Seven Survivors (Hiroshima survivor trees that lived through the atomic bombing of Hiroshima)

Seven Survivors by Peter Bill:

Hiroshima survivor trees that lived through the atomic bombing of Hiroshima

Hibaku Jumoku Camphor Tree

Hibaku Jumoku Camphor Tree

My initial interest in creating time-lapse work stemmed from my painting. I found that I wanted to capture the movement of the light. Watching a beat up Samizdat VHS copy of Godfrey Reggio’s Koyaanisqatsi projected on the crumbling wall of a squat in Prague in the 90’s gave me the idea I could do this with film. I started filming on a Minolta Super-8 camera that had an intervalometer built in with Kodachrome and Tri-X film that could be processed in Prague. I created installation loops with super-8 projectors that were nightmares to manage, but looked fantastic. It was not until I was a graduate student at the University of Washington at the end of the previous century that I was able to collect and digitize my super-8 film. With After Effects I could create a collage of the vision I had held in my mind’s eye for some years.

Since then I have continued to shoot time-lapse in film, and then with a procession of digital cameras starting with the Nikon D200. Currently my camera of choice is a D750, with its wicked sensor that has such a smooth dynamic range. I always try to shoot with primes, mostly using a Nikkor 24mm. I have found that as my eye has matured I no longer crave the widest of the crazy wide-angle lenses available, although I do like to play with full spherical fisheyes, and lust after Tilt-shift lenses.

I have been traveling to Hiroshima for the past 4 years to photograph and create time-lapses of the Hibaku Jumoku, or survivor trees of Hiroshima. These trees were burnt down during the atomic bombing of Hiroshima August 6th, 1945. Amazingly for the denuded metropolis, the Hibaku Jumoku brought out new growth in the following years and survive today.

Hackberry tree

Hackberry tree

When I lived and worked in the Czech Republic I was able to visit many historical sites in Central Europe. Once I was visiting the Czech “model” concentration camp at Terezenstadt. I was watching a film about the terrible history of the place and the young German students who were there with me were twittering nervously. I remember thinking in my schadenfreude, these terrible Germans, what a stain on their history.

For a U.S. citizen, visiting Hiroshima is a direct slap on any notion of being the “exceptional” nation, the necessary leader of the “free” world. What took the Germans several months in Auschwitz and the other death camps, we U.S. Americans could do in an instant: vaporize ~80,000 souls, and leave tens of thousands of others to die slow painful deaths. There is still a great debate over whether the bombing was necessary, if it caused the Japanese to capitulate more quickly or if it was the Soviet Union’s entry into the war that finally brought Japan to surrender.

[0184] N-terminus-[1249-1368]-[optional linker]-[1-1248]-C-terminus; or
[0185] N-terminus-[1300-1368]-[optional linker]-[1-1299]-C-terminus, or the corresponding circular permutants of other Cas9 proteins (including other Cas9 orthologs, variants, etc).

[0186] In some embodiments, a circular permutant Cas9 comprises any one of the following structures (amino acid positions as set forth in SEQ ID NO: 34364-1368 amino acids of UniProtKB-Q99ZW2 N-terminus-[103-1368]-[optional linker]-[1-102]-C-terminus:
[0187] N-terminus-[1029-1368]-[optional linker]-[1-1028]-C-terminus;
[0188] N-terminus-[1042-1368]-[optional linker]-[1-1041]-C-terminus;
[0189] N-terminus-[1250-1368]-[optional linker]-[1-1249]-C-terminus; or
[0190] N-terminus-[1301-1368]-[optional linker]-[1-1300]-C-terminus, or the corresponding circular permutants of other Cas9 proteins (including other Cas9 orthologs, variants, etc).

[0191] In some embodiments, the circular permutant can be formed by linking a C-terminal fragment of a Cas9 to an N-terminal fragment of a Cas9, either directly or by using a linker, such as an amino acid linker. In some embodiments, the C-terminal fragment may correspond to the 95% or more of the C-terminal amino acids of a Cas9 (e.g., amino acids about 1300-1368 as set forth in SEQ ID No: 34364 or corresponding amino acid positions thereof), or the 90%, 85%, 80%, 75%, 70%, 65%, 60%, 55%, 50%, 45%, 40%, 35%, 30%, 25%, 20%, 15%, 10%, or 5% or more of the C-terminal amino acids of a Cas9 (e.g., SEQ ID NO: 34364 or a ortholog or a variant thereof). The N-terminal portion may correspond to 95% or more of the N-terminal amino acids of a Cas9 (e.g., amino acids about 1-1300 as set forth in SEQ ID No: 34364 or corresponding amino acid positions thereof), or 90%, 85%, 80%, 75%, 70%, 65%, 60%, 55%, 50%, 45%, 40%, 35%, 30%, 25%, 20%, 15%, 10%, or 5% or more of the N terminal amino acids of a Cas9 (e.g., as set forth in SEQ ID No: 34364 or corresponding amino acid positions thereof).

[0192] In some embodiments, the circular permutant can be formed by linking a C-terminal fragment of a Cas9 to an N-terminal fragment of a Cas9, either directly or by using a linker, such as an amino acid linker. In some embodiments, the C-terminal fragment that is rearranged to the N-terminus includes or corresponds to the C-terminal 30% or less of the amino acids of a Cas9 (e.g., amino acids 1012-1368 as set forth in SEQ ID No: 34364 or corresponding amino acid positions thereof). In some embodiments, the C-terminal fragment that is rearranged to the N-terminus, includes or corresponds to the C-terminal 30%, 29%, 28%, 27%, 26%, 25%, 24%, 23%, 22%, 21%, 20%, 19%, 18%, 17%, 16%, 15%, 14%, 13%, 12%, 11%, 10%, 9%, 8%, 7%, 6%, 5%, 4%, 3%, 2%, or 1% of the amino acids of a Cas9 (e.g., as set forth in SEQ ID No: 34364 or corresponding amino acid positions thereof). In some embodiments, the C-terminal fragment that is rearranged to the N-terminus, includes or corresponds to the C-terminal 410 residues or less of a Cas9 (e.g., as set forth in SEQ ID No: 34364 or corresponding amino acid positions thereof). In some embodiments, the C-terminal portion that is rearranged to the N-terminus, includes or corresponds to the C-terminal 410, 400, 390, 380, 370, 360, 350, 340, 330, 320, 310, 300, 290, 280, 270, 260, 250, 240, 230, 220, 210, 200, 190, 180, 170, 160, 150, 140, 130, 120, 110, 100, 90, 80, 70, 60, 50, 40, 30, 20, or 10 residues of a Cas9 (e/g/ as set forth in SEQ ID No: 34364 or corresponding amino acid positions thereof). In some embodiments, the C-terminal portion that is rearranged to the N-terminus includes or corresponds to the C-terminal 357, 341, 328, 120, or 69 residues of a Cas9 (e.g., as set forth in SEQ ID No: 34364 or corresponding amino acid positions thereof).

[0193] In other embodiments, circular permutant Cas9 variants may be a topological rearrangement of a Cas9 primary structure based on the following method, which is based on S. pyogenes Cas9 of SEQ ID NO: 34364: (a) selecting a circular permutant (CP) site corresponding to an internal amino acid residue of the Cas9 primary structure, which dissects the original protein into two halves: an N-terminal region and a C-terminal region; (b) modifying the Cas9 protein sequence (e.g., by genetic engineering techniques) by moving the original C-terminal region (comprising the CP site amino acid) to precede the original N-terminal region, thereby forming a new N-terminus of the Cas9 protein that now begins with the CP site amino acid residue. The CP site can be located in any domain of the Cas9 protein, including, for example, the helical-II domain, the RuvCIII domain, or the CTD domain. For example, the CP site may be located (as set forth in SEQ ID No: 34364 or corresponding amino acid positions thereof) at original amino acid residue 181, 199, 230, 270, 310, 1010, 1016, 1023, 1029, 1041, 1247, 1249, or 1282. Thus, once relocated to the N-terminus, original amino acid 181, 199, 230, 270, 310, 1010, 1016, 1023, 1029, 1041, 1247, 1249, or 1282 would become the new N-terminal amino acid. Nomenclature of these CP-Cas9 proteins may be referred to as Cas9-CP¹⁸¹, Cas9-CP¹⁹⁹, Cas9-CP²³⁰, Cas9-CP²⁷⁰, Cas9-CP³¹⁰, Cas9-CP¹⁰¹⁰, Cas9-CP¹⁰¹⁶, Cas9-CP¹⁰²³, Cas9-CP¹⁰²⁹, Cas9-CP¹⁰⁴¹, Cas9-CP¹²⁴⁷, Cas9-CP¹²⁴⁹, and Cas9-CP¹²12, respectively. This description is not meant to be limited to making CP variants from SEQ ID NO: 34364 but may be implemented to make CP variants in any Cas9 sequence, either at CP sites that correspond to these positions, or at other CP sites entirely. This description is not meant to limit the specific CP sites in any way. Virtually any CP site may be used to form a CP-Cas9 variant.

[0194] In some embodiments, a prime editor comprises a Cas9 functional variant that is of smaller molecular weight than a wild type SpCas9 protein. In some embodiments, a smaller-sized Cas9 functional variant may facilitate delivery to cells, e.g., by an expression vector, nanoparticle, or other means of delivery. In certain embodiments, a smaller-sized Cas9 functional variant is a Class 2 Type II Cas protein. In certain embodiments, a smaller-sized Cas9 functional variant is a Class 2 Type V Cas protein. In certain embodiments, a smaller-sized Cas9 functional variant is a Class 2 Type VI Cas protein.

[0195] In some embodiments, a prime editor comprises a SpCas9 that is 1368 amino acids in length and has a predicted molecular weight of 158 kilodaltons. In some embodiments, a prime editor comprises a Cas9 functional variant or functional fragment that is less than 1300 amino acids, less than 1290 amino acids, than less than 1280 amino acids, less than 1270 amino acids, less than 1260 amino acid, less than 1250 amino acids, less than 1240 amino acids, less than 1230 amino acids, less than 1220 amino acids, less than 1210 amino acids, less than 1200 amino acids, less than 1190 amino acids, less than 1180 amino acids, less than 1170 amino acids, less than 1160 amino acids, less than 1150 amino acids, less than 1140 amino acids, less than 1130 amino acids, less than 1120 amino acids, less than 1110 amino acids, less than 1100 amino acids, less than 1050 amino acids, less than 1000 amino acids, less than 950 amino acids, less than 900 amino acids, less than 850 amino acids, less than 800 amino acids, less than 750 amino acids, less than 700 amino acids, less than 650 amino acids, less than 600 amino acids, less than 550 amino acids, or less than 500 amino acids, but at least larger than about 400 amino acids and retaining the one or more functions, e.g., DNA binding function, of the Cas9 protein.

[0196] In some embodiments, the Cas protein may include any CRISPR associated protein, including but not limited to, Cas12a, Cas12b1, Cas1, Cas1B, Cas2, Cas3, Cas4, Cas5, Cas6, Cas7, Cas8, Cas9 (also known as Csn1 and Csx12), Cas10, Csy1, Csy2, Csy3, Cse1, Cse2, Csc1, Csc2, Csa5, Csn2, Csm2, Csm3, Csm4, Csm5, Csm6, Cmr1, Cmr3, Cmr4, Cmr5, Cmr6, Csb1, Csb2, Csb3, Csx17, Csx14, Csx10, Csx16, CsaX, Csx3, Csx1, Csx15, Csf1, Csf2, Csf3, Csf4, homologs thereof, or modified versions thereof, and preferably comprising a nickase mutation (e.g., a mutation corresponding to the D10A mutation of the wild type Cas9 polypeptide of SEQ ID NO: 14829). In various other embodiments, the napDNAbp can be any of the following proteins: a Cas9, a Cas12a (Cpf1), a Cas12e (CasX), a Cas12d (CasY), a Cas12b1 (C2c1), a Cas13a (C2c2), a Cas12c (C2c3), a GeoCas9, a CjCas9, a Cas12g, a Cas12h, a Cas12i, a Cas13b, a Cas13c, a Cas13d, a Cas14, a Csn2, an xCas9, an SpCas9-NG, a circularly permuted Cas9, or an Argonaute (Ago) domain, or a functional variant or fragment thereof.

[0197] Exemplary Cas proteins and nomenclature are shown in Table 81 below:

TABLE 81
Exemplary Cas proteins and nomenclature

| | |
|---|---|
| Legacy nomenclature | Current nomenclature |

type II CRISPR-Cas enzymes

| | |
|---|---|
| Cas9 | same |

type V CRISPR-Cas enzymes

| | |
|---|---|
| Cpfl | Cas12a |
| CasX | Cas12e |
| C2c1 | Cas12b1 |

Willow Tree

Willow Tree

Regardless of this there is the horror of the act of A-bombing civilian populations. The thoughtlessness, and the inevitability of the meat grinder that is the Military Industrial complex must wipe away any traditional self-regard for Yanks to be the white hats, or the good guys. We are just as good or evil as anyone else.

I feel that by contemplating these trees we can remember our histories. By basking in the glow of the light as it processes through the time-lapse we can gain resilience as we see the strength and endurance of the trees. We can also receive some humility thinking of the time-scale that some of these trees have lived.

Pussy Willow, within the fortifications of the Samurai Castle.

Pussy Willow, within the fortifications of the Samurai Castle.

The last tree in the series is a Willow tree near the Hiroshima Castle that was the headquarters of the Japanese Expeditionary forces that subjugated Korea and much of China during World War 2. After the bomb was dropped, a U.S. POW was tied to the burnt remnants of this tree
to die.

We must remember these historical facts. We must not pretend as we continue to use our technology for destruction. We must take responsibility: we must sometimes keep technology from being used. The present possibility of nuclear destruction is the easiest of the technological problems we face as a global civilization.

The trees are witness to the speed with which humankind may destroy. Sit down beside these trees on the 75th year commemoration of their destruction and revival. One thing that will help is to slow down… and think.

This article was originally published here. If you have an interesting idea for a guest post, you can contact me here.

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